HC Deb 15 July 1844 vol 76 cc871-5

On the Motion that the Duchy of Cornwall Assessionable Manors' Bill be read a second time.

Captain Plumridge

objected on account of the absence of many hon. Gentlemen, who were to take part in the discussion of it, and on account of its seriously affecting the rights of individuals who had had no time to examine its provisions and oppose it. He moved "that the further consideration of the Bill be deferred."

Sir R. Peel

One of the reasons on account of which Government make no progress in Bills is, that continually their farther progress in them is delayed, because some hon. Gentleman interested in them is absent. The reason of Government bringing forward this Bill is, to prevent litigation, and to apply the principle of prescription to Duchy lands as well as Church lands. The Bill meets with the entire approval of the Duchy of Cornwall and its inhabitants, indeed, I have reason to believe that the Bill meets with universal approbation. The right hon. Baronet then read several of the Clauses of the Bill, and said there would be an opportunity of discussing them when in Committee. The Bill has met with the cordial concurrence of all concerned in it, and my only reason for pressing it is, I repeat, that we are anxious that the principles of prescription shall apply to Duchy lands as well as Church lands. I do hope, under these circumstances, that the hon. and gallant Gentleman will not prevent the House from dividing upon the measure at once.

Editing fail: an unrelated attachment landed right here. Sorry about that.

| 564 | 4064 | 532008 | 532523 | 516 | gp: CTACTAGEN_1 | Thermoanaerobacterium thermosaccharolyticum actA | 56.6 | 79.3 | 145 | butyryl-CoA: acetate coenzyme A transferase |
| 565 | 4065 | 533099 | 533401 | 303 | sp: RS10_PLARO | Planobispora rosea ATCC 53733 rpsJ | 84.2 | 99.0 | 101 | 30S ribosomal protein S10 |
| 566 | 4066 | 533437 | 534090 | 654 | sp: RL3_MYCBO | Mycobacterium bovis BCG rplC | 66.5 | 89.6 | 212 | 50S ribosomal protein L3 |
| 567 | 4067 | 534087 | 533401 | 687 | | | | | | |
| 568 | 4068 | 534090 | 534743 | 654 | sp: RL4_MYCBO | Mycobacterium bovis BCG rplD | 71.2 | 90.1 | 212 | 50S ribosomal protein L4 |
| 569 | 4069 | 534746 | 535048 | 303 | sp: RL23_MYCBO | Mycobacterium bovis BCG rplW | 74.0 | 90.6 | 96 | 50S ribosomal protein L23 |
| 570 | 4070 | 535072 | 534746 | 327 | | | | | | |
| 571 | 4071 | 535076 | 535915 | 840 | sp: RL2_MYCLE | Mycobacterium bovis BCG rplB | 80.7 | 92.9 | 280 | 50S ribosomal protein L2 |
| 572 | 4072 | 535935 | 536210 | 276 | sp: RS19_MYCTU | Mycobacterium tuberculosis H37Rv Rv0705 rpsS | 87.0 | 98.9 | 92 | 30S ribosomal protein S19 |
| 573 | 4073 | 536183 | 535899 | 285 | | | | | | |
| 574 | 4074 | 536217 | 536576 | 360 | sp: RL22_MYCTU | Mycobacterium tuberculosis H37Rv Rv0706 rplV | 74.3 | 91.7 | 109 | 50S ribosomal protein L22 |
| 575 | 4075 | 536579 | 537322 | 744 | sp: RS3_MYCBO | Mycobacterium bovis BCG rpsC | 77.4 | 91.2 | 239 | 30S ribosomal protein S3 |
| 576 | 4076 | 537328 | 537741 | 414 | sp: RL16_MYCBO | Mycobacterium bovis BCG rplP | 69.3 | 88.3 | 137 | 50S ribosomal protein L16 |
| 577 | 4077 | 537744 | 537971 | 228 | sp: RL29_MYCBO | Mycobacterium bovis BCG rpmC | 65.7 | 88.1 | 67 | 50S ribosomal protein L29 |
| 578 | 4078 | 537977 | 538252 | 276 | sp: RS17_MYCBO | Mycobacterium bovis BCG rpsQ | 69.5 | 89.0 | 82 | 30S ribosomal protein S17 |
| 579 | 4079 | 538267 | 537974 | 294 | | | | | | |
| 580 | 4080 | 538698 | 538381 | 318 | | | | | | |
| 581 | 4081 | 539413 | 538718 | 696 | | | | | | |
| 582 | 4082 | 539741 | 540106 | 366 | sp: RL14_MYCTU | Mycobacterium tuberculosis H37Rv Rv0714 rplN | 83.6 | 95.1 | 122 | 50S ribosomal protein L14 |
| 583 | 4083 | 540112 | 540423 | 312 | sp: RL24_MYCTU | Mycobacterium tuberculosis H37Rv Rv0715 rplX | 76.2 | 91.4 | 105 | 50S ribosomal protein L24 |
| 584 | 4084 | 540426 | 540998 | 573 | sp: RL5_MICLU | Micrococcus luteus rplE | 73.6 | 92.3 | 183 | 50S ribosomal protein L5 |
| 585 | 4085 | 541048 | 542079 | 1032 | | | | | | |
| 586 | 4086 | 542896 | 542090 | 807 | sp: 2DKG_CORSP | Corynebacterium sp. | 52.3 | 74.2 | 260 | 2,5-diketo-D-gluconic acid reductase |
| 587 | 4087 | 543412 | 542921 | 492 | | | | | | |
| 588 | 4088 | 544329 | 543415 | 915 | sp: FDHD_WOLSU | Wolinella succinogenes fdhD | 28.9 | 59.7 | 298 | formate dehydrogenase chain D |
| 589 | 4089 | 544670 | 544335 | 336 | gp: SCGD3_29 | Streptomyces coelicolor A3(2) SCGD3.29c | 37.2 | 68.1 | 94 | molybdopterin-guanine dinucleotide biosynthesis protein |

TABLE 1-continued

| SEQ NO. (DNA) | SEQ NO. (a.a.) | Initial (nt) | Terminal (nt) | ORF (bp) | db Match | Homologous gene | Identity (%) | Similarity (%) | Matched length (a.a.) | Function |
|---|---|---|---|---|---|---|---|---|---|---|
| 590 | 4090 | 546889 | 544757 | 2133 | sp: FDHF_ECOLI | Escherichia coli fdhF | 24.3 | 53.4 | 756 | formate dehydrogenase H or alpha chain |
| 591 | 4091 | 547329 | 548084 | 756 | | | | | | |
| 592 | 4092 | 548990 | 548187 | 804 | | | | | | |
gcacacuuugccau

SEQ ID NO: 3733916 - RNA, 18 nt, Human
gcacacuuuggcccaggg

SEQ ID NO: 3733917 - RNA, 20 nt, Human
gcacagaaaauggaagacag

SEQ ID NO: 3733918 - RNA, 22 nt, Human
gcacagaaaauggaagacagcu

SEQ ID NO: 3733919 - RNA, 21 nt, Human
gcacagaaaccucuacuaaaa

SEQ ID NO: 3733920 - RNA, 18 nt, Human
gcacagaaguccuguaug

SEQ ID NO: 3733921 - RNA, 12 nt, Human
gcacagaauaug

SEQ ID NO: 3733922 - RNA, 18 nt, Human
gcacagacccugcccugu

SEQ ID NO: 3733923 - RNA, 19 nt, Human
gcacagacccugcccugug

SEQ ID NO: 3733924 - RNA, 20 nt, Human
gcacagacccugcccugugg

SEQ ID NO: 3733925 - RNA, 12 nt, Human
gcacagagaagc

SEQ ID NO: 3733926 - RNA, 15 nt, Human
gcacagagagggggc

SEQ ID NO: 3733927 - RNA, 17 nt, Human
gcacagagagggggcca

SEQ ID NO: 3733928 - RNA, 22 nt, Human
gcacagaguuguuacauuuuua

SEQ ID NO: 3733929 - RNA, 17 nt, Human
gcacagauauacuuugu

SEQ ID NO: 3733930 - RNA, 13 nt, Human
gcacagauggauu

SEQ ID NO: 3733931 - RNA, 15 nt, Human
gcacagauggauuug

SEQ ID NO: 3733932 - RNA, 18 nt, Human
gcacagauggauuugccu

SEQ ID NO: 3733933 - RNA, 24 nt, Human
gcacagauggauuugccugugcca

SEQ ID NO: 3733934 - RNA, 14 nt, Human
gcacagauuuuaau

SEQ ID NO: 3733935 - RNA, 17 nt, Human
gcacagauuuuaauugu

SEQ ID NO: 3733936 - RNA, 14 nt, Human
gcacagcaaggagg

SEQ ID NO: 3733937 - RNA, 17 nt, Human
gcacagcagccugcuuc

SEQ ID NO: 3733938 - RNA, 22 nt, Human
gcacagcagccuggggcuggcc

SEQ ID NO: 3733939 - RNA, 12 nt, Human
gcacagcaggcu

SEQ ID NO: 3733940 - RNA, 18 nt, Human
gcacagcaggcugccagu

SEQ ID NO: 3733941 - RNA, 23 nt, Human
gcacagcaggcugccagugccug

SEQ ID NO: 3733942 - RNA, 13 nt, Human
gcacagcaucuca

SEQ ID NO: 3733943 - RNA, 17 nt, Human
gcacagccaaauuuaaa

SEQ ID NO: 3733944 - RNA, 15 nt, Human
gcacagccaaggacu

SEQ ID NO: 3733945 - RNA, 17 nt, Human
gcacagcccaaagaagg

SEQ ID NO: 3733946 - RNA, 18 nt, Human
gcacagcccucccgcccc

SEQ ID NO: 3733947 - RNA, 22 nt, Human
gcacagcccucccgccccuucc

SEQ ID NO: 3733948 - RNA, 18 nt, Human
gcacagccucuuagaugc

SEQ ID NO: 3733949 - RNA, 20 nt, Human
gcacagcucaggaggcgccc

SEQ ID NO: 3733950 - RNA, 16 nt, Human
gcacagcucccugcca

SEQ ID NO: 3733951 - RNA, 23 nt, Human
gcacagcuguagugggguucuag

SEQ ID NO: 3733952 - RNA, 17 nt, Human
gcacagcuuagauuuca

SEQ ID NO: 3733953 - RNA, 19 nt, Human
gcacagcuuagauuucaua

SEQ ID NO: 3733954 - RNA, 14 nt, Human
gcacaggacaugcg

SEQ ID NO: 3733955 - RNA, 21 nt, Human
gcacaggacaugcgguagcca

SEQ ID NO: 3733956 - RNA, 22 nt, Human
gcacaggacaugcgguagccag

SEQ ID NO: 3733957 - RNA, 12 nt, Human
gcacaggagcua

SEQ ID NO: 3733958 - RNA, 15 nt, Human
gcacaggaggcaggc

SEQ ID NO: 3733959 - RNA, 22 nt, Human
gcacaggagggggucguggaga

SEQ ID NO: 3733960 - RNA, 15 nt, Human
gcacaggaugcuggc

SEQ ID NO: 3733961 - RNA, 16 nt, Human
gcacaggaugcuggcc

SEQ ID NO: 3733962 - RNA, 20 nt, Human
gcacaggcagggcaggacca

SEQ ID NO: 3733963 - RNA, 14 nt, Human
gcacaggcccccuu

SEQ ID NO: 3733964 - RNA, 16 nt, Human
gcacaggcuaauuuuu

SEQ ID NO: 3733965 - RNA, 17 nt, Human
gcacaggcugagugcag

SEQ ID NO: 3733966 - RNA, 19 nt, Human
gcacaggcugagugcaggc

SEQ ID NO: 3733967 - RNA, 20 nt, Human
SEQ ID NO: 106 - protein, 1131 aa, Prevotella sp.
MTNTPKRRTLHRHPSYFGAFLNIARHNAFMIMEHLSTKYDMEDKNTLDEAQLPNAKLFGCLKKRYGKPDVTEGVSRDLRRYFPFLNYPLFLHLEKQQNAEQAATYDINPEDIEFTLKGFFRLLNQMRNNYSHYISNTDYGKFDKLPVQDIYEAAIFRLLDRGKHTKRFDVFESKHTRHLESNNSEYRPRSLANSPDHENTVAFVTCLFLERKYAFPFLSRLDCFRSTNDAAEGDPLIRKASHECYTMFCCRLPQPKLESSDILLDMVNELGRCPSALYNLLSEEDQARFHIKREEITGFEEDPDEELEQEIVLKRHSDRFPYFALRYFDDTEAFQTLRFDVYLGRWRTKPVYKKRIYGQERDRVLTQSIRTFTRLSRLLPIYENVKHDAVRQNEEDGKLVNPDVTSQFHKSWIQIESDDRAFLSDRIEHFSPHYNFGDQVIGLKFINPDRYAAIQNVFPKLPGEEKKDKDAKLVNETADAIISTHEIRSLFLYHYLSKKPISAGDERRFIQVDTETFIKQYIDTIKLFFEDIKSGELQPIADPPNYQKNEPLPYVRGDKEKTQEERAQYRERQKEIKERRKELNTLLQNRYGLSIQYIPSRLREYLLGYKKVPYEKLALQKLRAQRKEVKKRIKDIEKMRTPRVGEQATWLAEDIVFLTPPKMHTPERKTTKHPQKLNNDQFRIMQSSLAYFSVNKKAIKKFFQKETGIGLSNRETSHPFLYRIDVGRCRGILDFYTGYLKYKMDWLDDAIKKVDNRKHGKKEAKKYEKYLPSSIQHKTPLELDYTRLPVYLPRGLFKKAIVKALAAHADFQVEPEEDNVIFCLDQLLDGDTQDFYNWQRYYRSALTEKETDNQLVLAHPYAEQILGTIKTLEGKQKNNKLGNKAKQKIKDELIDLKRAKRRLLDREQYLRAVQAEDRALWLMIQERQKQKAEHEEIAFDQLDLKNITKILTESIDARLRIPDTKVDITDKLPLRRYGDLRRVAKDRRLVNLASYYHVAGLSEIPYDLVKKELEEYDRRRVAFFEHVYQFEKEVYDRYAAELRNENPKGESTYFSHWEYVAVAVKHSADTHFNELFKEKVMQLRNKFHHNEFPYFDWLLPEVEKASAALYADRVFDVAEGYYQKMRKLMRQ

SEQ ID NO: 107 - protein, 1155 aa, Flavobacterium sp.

Mr. V. Smith

hoped that his hon. and gallant Friend would not press his objection, which could be as well discussed in Committee.

The Earl of Lincoln

could assure the hon. and gallant Gentleman, that all concerned in the Duchy of Cornwall had been fully informed of the particulars and details of the Bill. He trusted that the hon. and gallant Gentleman would not press his objections, as he hoped to be able to make such arrangements as would be satisfactory to him.

Captain Plumridge

was unwilling to go in opposition to the sense of the House, which as he perceived was against him and he would not press his Motion.

Mr. Howes

had had strong protests forwarded to him against the further progress of this Bill. He had replied to those protests, that he knew nothing of the Bill, and when he assured the House that since the 31st of June, no less than forty Bills had been introduced, he was sure that he must stand acquitted of any neglect. He hoped as the Bill had been so lately introduced, that further time would be given for the consideration of it.

Sir R. Peel

I beg to say, that this Bill was introduced before the 31st of June. The Government has been in communication with all parties affected by it, and as far as they are concerned, it is unopposed.

Bill read a second time.

Adjourned at Twelve o'clock.